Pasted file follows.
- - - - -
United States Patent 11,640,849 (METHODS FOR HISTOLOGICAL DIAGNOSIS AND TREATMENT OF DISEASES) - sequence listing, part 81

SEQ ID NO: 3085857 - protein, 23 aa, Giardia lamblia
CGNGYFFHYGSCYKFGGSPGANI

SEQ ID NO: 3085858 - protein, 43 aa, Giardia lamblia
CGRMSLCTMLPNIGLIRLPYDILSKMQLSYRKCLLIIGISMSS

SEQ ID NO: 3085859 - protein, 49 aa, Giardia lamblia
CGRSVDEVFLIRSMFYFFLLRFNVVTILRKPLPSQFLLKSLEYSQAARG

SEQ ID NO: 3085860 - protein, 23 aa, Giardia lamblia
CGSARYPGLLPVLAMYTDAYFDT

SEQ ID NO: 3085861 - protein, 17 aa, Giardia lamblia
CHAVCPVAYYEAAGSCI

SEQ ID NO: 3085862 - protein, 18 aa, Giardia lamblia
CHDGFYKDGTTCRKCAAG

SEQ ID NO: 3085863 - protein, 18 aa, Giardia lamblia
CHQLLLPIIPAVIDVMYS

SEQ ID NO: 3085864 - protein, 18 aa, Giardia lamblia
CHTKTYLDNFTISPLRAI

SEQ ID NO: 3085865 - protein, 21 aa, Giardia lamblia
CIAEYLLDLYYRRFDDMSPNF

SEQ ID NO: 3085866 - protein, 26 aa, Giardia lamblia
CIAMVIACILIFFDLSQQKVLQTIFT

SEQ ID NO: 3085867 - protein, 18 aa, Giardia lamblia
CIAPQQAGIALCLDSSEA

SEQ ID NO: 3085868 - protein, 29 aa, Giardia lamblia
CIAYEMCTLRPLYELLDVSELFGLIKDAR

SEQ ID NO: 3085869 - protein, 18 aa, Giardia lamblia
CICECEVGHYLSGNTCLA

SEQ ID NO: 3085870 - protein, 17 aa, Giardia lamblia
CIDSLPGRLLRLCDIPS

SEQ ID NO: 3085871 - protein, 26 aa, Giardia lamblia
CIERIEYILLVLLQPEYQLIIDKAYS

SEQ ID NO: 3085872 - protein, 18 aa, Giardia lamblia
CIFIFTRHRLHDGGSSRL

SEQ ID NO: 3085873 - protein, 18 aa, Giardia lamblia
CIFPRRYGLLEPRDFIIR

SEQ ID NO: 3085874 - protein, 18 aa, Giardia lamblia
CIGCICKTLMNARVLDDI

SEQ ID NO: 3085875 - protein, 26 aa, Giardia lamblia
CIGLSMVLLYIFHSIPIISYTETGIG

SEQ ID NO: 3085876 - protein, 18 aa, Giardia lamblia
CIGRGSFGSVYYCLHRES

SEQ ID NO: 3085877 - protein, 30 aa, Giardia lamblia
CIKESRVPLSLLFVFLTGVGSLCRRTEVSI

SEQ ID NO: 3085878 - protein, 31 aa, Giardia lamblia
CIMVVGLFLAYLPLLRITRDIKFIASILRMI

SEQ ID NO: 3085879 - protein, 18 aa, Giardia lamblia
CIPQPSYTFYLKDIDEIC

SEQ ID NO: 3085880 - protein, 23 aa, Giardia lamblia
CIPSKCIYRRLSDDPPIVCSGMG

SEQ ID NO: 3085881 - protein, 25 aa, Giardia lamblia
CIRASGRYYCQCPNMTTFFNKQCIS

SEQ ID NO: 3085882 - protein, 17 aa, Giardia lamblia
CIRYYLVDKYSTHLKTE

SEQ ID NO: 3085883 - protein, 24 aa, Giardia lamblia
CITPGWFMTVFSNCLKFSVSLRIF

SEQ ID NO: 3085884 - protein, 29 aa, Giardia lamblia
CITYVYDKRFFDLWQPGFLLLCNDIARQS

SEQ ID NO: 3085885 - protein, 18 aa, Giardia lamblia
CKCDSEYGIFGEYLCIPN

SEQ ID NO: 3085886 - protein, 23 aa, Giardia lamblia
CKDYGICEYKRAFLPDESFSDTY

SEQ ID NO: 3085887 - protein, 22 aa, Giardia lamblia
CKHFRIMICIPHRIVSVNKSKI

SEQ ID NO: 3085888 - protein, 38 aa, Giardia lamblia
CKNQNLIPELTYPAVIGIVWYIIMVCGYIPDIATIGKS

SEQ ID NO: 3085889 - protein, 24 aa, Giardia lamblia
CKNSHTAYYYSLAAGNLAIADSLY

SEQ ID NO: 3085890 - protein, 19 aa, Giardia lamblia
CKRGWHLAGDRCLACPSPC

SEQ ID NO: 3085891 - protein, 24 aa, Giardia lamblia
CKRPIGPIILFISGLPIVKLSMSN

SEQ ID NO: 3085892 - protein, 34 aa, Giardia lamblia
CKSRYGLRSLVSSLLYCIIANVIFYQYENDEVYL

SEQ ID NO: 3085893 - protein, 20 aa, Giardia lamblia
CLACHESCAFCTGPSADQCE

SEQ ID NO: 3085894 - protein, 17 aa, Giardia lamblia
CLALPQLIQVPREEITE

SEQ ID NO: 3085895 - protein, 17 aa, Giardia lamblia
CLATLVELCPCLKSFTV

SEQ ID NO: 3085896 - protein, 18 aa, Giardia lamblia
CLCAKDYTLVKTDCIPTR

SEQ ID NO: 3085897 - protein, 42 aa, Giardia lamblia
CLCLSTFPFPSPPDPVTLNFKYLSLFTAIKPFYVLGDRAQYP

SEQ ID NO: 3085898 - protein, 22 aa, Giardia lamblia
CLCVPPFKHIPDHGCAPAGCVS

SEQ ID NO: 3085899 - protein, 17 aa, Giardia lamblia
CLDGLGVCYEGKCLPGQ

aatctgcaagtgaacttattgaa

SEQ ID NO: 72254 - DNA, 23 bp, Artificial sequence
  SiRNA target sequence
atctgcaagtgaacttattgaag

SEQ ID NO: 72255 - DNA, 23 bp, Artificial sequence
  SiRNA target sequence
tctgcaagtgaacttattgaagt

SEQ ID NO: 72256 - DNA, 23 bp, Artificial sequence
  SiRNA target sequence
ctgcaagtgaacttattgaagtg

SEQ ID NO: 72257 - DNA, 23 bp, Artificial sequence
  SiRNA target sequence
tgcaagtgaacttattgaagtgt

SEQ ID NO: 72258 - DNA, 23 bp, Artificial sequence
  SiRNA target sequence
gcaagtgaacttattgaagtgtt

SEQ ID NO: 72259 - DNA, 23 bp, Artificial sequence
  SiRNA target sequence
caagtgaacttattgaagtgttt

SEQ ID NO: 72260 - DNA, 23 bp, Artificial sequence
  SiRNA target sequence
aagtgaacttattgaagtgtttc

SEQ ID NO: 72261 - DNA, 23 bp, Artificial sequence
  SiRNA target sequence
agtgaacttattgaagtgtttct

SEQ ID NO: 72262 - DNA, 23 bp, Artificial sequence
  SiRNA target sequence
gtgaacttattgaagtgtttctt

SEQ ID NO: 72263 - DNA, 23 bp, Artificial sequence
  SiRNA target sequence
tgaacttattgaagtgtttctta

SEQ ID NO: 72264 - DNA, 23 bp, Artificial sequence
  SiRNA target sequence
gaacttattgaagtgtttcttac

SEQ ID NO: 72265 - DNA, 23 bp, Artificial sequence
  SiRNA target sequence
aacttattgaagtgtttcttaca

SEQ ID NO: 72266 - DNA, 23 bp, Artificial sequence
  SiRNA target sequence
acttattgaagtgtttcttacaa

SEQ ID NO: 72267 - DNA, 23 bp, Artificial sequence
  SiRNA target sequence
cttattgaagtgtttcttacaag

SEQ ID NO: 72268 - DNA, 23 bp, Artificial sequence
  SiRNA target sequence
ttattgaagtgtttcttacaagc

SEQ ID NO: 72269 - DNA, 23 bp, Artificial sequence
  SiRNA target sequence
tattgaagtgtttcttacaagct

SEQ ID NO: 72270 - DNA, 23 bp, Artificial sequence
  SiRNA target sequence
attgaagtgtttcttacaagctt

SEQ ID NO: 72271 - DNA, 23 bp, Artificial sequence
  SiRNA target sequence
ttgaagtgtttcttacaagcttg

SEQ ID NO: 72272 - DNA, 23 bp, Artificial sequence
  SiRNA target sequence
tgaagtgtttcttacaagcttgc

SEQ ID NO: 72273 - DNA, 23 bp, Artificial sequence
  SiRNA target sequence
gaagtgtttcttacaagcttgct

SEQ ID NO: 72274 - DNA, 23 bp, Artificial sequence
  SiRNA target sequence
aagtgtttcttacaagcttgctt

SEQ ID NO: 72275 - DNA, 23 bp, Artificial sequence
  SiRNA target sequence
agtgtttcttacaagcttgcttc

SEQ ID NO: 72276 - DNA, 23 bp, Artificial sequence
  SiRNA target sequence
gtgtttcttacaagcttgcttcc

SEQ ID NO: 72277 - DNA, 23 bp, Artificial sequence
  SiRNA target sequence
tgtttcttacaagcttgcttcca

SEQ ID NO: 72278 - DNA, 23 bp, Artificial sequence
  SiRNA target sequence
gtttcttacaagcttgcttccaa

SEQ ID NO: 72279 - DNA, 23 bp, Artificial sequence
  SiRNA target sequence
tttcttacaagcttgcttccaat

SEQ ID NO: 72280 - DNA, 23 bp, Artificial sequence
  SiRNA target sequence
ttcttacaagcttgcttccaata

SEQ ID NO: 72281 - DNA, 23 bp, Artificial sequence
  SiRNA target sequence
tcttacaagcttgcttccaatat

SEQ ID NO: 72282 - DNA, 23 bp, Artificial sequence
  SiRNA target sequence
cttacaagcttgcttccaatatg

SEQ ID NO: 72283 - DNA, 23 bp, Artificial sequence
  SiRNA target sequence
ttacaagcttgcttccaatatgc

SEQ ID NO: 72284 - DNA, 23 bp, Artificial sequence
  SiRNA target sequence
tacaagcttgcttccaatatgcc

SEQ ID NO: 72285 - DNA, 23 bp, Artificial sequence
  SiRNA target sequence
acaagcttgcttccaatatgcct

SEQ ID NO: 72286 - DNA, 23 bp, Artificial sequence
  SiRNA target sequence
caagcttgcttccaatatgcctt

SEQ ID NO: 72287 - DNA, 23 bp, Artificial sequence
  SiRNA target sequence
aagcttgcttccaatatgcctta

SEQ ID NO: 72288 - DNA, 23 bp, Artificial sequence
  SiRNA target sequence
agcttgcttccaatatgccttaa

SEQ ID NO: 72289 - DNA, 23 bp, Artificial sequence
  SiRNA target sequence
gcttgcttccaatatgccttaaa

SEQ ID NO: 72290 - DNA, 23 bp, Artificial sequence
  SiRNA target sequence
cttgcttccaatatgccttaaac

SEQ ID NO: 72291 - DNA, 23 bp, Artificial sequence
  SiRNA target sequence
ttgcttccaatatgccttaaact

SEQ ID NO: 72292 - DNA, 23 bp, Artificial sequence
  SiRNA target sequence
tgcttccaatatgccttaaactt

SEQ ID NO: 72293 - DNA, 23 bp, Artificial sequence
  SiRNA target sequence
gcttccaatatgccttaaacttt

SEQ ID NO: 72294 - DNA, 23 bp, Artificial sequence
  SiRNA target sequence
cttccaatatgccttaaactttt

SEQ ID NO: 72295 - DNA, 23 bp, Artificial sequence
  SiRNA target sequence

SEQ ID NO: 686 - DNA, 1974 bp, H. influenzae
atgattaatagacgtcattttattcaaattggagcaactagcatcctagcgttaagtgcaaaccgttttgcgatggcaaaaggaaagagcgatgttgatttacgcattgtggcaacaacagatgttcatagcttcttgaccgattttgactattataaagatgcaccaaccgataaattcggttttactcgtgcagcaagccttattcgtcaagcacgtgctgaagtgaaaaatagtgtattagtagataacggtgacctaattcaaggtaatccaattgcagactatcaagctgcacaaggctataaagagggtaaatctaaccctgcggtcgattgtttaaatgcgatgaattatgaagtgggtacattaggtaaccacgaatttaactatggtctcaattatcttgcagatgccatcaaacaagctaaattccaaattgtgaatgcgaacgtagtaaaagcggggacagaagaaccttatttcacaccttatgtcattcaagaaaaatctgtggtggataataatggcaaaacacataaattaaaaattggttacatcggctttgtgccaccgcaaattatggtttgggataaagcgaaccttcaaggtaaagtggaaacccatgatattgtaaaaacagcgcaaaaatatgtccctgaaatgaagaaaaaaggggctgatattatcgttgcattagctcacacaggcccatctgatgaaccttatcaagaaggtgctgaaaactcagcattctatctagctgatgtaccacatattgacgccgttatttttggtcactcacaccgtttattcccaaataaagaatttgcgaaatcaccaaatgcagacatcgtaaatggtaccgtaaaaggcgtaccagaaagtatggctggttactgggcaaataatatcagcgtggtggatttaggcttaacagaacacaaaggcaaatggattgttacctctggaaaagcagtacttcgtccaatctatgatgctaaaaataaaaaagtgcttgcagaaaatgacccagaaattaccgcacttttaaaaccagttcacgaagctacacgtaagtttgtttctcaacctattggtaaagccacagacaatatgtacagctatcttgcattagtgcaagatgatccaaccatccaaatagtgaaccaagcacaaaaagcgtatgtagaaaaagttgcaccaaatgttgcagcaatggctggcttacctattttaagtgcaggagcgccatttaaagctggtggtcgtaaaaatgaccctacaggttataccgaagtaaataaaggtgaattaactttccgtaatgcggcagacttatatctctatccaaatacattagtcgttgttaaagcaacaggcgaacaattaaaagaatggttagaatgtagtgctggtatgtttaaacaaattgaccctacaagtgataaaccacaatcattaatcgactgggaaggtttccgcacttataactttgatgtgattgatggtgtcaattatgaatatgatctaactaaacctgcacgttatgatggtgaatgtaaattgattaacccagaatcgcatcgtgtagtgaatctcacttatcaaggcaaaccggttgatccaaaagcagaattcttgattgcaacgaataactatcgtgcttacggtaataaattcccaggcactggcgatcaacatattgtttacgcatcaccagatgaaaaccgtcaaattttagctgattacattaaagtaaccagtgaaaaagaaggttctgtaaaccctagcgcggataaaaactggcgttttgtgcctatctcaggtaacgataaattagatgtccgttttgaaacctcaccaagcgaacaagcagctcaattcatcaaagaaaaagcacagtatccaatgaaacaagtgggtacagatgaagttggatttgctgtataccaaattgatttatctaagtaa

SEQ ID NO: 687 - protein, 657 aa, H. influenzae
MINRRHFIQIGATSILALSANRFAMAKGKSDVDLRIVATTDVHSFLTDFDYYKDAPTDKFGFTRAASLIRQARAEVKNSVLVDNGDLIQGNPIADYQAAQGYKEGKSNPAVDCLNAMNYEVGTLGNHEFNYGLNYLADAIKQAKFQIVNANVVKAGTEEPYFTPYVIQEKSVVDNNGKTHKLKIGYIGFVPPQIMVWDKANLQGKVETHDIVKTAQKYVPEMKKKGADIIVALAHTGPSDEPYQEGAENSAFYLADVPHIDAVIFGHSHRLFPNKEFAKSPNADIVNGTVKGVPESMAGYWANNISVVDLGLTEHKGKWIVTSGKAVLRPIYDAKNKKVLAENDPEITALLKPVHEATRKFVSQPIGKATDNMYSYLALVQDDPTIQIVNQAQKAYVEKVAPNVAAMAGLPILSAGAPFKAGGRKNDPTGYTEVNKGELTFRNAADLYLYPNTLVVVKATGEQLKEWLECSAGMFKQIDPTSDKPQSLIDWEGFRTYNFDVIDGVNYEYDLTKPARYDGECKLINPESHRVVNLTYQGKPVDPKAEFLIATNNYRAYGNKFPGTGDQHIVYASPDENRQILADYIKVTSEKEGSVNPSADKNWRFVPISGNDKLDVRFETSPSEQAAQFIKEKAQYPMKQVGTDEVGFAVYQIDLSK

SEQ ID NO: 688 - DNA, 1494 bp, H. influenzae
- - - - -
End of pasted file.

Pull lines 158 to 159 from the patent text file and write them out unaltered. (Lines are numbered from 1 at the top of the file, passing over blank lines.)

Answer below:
SEQ ID NO: 72277 - DNA, 23 bp, Artificial sequence
  SiRNA target sequence